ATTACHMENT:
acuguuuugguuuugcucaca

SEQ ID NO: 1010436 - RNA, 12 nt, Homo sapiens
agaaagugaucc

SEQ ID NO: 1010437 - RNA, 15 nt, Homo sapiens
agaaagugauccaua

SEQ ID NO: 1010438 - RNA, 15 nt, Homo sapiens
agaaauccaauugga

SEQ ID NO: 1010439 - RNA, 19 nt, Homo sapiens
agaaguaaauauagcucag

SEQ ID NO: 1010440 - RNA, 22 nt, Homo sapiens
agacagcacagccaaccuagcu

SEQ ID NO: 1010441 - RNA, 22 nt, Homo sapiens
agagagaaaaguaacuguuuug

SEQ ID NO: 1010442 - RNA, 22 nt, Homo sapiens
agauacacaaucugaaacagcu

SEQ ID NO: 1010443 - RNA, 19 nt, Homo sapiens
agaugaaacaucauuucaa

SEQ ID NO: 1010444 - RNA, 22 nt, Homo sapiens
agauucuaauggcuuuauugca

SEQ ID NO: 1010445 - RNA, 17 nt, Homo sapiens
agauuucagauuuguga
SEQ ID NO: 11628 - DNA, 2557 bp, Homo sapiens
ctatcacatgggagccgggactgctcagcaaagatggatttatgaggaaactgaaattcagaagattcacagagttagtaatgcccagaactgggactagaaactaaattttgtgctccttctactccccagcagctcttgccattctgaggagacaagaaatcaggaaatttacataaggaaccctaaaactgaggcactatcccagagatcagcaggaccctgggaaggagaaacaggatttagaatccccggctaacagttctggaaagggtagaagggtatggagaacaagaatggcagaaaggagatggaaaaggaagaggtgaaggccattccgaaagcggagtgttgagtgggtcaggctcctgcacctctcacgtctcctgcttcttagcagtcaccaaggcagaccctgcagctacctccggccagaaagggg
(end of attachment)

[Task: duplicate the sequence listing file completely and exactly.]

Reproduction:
acuguuuugguuuugcucaca

SEQ ID NO: 1010436 - RNA, 12 nt, Homo sapiens
agaaagugaucc

SEQ ID NO: 1010437 - RNA, 15 nt, Homo sapiens
agaaagugauccaua

SEQ ID NO: 1010438 - RNA, 15 nt, Homo sapiens
agaaauccaauugga

SEQ ID NO: 1010439 - RNA, 19 nt, Homo sapiens
agaaguaaauauagcucag

SEQ ID NO: 1010440 - RNA, 22 nt, Homo sapiens
agacagcacagccaaccuagcu

SEQ ID NO: 1010441 - RNA, 22 nt, Homo sapiens
agagagaaaaguaacuguuuug

SEQ ID NO: 1010442 - RNA, 22 nt, Homo sapiens
agauacacaaucugaaacagcu

SEQ ID NO: 1010443 - RNA, 19 nt, Homo sapiens
agaugaaacaucauuucaa

SEQ ID NO: 1010444 - RNA, 22 nt, Homo sapiens
agauucuaauggcuuuauugca

SEQ ID NO: 1010445 - RNA, 17 nt, Homo sapiens
agauuucagauuuguga
SEQ ID NO: 11628 - DNA, 2557 bp, Homo sapiens
ctatcacatgggagccgggactgctcagcaaagatggatttatgaggaaactgaaattcagaagattcacagagttagtaatgcccagaactgggactagaaactaaattttgtgctccttctactccccagcagctcttgccattctgaggagacaagaaatcaggaaatttacataaggaaccctaaaactgaggcactatcccagagatcagcaggaccctgggaaggagaaacaggatttagaatccccggctaacagttctggaaagggtagaagggtatggagaacaagaatggcagaaaggagatggaaaaggaagaggtgaaggccattccgaaagcggagtgttgagtgggtcaggctcctgcacctctcacgtctcctgcttcttagcagtcaccaaggcagaccctgcagctacctccggccagaaagggg